Awakening, affinity, activism–how social reformers and committed citizens make the world better
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Human rights, environmental protection, and livelihood guarantees are key issues around which social movements have been galvanised by progressive activists. Frameworks and examples of such justice movements are well described in the compelling book, The Anarchist Cookbook: A Toolkit to Protest and Peaceful Resistance by Aakar Patel.
Larger numbers of people are participating in democracy than ever before, amplified by the power of global always-on social media. The book draws on examples from around the world to show how reformers and citizens have brought about change in a peaceful manner.
Aakar Patel is a writer and human rights activist based in Bengaluru. He is Chair of Amnesty International India. The book illustrator is PenPencilDraw, an anonymous political satirist.
Here are my key takeaways from the 250-page book, summarised as well in the table below. See also my reviews of the related books Anchoring Change, Being an Impact Champion, Social Entrepreneurship in India, The Business of Change, A World of Three Zeroes, and Grassroots Innovation.
“Activism is defined as the use of direct and noticeable action to achieve a result, usually a political or social one,” Aakar defines. “Informed dissent makes democracy better,” he adds.
But though some countries have committed to freedoms and rights for their citizens, there has been rollback or selective granting of some provisions. There has even been passing of new laws giving more power to the state and trampling on citizen rights.
Aakar describes a number of steps in the activism journey, from awareness to mobilisation. The “activist’s brain” consists of strategic thinking, planning, building alliances, outreach, grit, and self-care.
It begins with entrepreneurial thinking on the problem definition, impact, necessary actions, potential impacts, and commitment to action. Levels of engagement include volunteering, donating, organising, and behaviour change (eg. becoming vegan).
There are also mental, social, and even physical risks for activists, Aakar cautions. “Activists, once identified, tend to be targeted for what they stand for,” he explains. They should share their risk assessment and expectations with their community.
The use of tools like power map analysis by activists helped stop the use of pellet guns on civilians. They mapped agencies based on power and support and then published research-based reports.
“Social media is your hidden superpower. It may appear mundane, given its prevalence and its use. But it is a tool of staggering power,” Aakar affirms, citing the Black Lives Matter movement as an example of online and offline activism.
Examples of social change
An outstanding section of the book highlights eight examples of social movements. For example, the Me Too protests led to systemic change in the US.
Swedish teenager Greta Thunberg’s Fridays for Future environmental movement sparked off replicated events around the world. She won the Right Livelihood award, and was nominated for the Nobel Peace Prize as well.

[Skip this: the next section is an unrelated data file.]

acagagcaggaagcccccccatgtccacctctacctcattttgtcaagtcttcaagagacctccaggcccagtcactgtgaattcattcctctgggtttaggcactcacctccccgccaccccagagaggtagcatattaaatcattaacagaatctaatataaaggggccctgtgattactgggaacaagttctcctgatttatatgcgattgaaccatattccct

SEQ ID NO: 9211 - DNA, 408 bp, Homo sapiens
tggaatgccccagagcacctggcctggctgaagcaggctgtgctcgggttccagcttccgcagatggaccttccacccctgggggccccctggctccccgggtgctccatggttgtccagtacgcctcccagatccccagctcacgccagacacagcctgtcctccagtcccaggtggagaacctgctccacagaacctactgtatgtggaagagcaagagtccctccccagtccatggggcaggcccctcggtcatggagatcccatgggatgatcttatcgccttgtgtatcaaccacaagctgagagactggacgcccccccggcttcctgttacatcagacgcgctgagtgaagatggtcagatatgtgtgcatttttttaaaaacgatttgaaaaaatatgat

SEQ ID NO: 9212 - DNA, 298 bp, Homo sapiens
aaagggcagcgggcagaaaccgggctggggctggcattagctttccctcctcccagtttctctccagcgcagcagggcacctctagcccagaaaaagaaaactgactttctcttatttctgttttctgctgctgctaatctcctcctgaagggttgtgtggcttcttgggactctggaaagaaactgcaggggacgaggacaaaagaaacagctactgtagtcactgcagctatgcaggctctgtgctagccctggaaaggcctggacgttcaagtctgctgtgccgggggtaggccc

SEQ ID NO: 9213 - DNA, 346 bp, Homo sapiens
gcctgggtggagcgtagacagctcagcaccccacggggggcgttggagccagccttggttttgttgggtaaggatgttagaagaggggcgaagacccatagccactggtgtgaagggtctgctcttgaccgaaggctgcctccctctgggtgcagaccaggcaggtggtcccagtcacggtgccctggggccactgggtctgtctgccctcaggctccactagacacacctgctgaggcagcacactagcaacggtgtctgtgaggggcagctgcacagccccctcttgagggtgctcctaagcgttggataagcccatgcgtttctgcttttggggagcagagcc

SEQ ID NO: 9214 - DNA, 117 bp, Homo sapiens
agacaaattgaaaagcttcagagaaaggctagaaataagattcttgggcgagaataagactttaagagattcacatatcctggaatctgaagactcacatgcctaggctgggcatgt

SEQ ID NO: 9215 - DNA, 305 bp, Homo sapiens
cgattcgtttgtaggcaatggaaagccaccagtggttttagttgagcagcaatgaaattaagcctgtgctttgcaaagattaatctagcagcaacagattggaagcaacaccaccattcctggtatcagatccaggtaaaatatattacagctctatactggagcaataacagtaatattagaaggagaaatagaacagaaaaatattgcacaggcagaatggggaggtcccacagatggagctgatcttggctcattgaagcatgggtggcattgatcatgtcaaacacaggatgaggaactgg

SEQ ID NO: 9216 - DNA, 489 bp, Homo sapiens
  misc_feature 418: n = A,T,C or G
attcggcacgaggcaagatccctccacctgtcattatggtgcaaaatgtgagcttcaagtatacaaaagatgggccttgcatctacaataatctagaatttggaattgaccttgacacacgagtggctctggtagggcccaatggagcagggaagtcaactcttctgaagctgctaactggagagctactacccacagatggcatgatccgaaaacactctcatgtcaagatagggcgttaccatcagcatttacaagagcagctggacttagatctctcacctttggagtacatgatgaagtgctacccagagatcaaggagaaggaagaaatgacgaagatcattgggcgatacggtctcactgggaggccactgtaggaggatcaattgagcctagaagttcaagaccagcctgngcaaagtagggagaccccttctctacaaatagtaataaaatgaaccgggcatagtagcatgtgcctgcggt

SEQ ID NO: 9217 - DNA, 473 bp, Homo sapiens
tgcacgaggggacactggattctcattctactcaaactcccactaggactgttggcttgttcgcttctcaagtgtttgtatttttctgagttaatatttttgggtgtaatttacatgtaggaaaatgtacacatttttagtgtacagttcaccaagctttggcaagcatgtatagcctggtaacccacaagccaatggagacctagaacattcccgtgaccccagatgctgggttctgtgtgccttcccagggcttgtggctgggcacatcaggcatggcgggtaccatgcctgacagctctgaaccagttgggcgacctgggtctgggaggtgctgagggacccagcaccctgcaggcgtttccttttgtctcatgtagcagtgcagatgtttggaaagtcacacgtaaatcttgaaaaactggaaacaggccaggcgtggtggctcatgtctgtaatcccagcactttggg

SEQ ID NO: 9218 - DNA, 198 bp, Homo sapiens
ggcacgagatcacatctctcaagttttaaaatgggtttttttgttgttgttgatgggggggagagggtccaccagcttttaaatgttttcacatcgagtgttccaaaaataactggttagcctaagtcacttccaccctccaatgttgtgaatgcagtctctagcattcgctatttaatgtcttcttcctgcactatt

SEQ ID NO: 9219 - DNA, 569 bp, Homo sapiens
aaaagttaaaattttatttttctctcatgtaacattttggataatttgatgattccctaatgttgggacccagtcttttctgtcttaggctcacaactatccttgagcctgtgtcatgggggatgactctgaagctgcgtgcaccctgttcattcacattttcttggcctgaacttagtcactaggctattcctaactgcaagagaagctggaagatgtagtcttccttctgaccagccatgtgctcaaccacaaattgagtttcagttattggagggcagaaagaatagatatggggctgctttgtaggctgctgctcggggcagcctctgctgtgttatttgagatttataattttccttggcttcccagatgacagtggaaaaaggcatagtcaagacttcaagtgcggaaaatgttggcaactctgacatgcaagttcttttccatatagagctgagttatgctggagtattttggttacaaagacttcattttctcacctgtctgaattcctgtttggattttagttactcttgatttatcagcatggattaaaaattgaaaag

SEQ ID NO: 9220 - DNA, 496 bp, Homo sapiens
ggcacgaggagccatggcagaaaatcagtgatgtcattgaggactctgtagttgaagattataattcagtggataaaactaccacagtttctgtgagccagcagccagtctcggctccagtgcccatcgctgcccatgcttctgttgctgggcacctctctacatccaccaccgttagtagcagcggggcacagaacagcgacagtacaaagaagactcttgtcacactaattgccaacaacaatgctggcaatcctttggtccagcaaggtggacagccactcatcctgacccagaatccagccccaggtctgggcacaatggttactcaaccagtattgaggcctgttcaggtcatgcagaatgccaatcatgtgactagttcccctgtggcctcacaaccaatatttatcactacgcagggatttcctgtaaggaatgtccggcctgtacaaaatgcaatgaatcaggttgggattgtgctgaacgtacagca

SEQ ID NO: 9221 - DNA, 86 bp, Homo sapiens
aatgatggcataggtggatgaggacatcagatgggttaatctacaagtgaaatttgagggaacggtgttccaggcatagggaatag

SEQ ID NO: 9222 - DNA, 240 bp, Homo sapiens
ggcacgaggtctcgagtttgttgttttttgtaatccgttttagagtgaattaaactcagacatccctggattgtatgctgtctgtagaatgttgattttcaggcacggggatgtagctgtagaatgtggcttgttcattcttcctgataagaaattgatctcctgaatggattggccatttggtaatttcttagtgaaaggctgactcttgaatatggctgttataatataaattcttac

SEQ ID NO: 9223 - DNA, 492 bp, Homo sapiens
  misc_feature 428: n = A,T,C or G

Black Lives Matter (I Can’t Breathe) featured innovative forms of street protest in the US and spread to the UK as well. Even in India, skin whitening products came under pressure.
Other examples include the Stop Funding Hate campaign (to persuade advertisers to stay away from toxic media outlets) and Climate Action 100+ (to push polluting companies to take action on climate change).
Examples from India include Dalit rights protests in 2016, farmers’ protests of 2020, Pathalgadi land rights movement for Adivasis, Shaheen Bagh, and ASHA workers’ protest.
The road ahead
In sum, the book shows how citizens can connect with like-minded progressive communities, and create a more just and equitable world through vibrant participation. Such inspiring movements are now globally connected and in the spotlight of international organisations.
“The EU classified India as a flawed democracy,” Aakar explains. He also draws on the work of the civil societies’ association CIVICUS, which defines openness of civic space by parameters such as state harassment of critics, clampdown on CSOs, media complicity, and digital surveillance.
Citizens must reflect on what kinds of change they would like to see in the society, how they can get involved individually, what their ideal work or business would be like, and even random acts of kindness to show commitment.
“Activism of the modern age is also India’s gift to the world,” Aakar adds, drawing on exemplars like Gandhi and other recent movements in the country.
He also cites civil rights activist John Lewis: “Freedom is the continuous action we all must take, and each generation must do its part to create an even more fair, more just society.”
“Understand your privilege and use it for change,” Aakar signs off, drawing readers’ attention to growing socio-economic inequities, polarisation and marginalisation.
YourStory has also published the pocketbook ‘Proverbs and Quotes for Entrepreneurs: A World of Inspiration for Startups’ as a creative and motivational guide for innovators (downloadable as apps here: Apple, Android).
Edited by Megha Reddy